Fifty years ago on Monday, John Glenn soared into space on a trip that would take him around the Earth three times. He was the third American to go into space, and the first to orbit the earth. His mission was one of the U.S. space program's great early successes.
And it inspired Americans by the tens of millions. The final frontier would be conquered - and we would do it.
Things have changed. Major cutbacks have been made at NASA. Manned space exploration is virtually off the table. We have ceded the skies to others.
That could cost us more than we as a nation can afford in many ways.
Glenn, now 90, was among those who had "the right stuff" half a century ago. "The right stuff" is an hard to define quality, but it includes a "can do" attitude, a willingness to take risks, to match one's skill, training and technology against seemingly insurmountable task. Glenn and the other Gemini astronauts had it, and so did the engineer, technicians and craftsmen who designed and built their spacecraft.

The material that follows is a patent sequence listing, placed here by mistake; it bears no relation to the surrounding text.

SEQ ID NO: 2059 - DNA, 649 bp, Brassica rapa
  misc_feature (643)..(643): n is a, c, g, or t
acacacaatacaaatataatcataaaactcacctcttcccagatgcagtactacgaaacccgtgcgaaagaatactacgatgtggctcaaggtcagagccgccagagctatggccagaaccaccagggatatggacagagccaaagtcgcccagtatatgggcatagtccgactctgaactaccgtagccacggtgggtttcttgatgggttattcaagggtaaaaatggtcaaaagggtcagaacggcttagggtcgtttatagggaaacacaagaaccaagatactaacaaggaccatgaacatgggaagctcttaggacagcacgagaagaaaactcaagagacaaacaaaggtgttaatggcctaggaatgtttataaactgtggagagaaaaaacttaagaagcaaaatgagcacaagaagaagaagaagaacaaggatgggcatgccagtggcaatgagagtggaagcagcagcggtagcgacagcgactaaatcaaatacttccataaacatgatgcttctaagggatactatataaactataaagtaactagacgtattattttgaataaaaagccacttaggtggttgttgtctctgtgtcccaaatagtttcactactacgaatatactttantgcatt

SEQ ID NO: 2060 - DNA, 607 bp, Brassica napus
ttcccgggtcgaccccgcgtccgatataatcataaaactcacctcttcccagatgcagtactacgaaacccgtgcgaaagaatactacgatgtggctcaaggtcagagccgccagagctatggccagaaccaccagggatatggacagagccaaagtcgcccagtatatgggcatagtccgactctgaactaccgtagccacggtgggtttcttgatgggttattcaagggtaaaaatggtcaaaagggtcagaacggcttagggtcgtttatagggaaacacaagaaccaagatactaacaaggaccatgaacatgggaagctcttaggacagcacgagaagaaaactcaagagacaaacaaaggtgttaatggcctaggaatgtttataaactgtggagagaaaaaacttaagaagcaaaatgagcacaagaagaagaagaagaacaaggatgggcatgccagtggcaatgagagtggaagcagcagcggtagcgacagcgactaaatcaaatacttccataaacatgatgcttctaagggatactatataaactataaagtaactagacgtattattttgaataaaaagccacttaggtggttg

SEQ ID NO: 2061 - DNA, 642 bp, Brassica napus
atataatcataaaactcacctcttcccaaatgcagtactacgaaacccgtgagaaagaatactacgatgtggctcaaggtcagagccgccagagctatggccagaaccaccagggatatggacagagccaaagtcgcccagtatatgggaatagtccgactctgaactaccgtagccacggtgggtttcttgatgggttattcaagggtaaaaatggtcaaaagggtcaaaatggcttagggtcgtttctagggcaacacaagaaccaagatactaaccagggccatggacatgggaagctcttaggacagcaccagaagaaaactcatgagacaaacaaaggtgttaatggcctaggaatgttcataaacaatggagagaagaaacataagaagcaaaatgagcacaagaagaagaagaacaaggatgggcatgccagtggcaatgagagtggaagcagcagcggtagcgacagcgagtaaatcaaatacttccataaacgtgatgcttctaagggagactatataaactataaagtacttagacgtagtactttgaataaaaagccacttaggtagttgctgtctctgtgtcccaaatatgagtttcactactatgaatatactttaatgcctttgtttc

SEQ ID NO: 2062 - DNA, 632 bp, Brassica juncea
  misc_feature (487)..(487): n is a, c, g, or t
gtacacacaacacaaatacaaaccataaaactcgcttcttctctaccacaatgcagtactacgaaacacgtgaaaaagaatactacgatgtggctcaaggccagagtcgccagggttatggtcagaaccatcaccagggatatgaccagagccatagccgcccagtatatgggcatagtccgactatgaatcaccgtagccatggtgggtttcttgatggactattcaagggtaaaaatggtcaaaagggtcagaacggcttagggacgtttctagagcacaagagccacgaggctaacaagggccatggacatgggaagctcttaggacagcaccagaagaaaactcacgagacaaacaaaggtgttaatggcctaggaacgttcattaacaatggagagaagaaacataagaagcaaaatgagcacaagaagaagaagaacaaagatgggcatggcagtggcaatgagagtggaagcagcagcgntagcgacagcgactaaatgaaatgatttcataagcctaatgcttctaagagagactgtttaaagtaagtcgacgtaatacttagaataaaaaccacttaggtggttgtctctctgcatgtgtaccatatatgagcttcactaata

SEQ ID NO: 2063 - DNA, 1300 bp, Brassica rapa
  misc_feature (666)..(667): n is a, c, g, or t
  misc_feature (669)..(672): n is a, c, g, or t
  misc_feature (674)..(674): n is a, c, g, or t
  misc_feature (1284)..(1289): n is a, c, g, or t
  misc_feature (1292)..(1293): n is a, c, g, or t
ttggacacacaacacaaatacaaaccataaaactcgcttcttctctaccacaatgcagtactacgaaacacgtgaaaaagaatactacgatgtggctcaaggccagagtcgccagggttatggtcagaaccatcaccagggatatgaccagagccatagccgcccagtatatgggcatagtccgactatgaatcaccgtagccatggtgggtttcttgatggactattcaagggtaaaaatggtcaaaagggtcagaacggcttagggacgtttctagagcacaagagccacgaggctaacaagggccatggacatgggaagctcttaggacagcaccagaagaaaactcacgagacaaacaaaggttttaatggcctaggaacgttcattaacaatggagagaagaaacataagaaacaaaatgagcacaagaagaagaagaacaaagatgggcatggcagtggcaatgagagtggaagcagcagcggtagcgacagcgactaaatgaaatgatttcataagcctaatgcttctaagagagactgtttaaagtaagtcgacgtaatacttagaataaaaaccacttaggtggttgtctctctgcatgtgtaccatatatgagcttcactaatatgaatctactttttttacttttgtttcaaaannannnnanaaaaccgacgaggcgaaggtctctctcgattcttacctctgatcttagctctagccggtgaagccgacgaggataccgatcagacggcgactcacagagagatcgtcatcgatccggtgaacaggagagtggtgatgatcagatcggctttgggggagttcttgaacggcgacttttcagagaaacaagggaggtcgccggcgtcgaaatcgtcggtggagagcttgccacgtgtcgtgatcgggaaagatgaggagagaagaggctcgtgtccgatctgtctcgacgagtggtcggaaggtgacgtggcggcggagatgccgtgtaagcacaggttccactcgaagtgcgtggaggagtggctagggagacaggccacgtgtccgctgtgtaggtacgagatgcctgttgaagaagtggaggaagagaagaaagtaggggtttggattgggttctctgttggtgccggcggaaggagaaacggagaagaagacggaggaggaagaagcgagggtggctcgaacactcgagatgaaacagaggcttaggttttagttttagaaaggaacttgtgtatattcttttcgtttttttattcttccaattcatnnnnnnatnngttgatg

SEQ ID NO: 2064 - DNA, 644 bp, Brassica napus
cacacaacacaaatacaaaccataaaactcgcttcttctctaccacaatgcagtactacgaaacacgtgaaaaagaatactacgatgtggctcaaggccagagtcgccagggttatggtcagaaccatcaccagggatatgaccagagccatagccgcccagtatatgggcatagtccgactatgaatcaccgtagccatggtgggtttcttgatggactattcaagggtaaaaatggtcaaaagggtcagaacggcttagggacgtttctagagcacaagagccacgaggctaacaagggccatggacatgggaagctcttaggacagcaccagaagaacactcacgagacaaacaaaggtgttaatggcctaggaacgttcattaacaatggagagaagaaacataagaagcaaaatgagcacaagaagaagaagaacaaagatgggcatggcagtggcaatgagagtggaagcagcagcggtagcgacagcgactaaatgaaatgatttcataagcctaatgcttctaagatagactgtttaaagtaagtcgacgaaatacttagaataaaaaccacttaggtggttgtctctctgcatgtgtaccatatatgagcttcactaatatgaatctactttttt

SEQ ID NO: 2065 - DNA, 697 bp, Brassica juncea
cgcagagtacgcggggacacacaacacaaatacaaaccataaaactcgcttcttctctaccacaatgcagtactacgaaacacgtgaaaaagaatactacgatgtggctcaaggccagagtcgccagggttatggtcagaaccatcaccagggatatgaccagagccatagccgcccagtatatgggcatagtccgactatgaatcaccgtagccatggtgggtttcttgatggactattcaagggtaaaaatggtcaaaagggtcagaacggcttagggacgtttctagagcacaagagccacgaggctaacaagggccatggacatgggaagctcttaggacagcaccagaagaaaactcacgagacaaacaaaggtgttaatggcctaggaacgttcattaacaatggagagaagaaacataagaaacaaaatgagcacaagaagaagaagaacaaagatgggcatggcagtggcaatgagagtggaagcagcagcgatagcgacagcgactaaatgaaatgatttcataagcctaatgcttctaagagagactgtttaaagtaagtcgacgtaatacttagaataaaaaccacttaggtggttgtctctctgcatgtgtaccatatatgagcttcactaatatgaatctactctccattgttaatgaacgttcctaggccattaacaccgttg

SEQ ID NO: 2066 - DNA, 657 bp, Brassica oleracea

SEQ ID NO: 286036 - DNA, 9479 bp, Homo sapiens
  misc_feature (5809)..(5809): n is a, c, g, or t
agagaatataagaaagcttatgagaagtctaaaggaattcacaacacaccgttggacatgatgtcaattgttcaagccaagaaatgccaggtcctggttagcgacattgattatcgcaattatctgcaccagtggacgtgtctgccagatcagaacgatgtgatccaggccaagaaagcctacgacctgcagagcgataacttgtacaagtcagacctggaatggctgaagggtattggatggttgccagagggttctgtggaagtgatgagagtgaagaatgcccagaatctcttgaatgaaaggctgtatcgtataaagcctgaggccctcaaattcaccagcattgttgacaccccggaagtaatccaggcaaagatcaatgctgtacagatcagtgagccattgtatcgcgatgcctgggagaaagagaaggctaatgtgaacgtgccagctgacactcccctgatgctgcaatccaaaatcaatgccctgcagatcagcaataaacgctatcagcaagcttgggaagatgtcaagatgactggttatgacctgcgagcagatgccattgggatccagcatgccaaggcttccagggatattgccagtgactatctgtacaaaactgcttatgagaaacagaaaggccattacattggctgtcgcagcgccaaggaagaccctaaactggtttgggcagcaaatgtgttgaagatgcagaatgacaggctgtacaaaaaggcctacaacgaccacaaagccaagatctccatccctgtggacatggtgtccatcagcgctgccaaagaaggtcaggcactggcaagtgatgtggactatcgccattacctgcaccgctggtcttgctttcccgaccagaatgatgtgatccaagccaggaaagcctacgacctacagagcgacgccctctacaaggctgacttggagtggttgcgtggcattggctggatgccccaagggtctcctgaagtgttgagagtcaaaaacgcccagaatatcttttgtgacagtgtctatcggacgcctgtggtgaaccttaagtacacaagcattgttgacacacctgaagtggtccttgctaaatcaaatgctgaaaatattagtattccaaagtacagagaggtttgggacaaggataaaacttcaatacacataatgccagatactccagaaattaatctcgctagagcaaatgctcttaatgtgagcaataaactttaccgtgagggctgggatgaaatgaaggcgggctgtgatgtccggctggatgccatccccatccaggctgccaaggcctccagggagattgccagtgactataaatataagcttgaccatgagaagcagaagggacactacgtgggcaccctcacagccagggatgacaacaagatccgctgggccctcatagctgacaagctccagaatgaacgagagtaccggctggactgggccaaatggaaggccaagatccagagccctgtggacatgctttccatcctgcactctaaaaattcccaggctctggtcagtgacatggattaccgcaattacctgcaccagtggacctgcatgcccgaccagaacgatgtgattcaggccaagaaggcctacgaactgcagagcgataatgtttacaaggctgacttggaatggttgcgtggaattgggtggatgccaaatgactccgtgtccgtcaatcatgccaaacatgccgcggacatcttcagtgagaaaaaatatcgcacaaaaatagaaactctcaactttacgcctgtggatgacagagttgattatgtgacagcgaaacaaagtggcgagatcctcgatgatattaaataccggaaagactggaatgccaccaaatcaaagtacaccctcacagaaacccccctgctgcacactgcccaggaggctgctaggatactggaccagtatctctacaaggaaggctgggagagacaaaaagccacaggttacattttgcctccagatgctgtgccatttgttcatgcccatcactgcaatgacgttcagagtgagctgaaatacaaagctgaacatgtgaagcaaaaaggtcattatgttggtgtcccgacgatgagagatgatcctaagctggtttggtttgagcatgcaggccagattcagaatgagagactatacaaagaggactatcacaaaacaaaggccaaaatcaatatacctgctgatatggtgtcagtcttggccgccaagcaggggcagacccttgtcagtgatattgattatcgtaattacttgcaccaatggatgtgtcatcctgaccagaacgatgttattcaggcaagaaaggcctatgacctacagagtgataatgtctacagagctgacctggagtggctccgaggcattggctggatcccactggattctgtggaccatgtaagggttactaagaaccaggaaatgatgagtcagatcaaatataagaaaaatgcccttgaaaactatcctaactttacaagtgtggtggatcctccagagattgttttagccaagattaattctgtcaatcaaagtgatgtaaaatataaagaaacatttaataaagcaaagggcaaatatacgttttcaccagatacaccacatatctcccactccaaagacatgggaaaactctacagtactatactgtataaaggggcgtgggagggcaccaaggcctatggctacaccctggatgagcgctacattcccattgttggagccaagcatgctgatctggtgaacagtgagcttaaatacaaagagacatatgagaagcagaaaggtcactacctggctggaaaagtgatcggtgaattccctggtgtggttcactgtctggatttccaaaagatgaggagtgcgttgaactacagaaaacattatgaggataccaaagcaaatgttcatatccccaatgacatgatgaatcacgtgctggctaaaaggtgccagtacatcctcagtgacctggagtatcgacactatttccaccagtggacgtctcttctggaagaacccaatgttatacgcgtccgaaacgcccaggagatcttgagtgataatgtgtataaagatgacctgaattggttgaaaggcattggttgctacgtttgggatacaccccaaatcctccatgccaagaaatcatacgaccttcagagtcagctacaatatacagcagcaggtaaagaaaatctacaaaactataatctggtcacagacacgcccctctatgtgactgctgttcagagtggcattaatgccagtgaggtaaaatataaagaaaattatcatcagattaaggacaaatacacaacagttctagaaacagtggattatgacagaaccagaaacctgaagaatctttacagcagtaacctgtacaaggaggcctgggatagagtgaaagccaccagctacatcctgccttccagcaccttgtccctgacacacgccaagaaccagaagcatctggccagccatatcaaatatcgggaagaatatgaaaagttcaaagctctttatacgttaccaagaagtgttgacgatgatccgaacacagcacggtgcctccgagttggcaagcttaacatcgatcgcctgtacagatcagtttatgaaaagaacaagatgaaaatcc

NASA's space program sparked a boom in technical achievement and advancement never before seen in the world. The need to make things better, smaller, stronger and more efficient, the need for computers that could do more in less space, all led to miracle machines and equipment we take for granted today. It made America a leader in science, manufacturing and technology.
Now, it seems, we are admitting that "the right stuff" is no longer right for our country. Other countries have taken the lead in developing and building the world's best and newest technology. We'll let others figure out how to proceed in space.
As we mark John Glenn's achievement, we may be forced to admit we may never see his like again.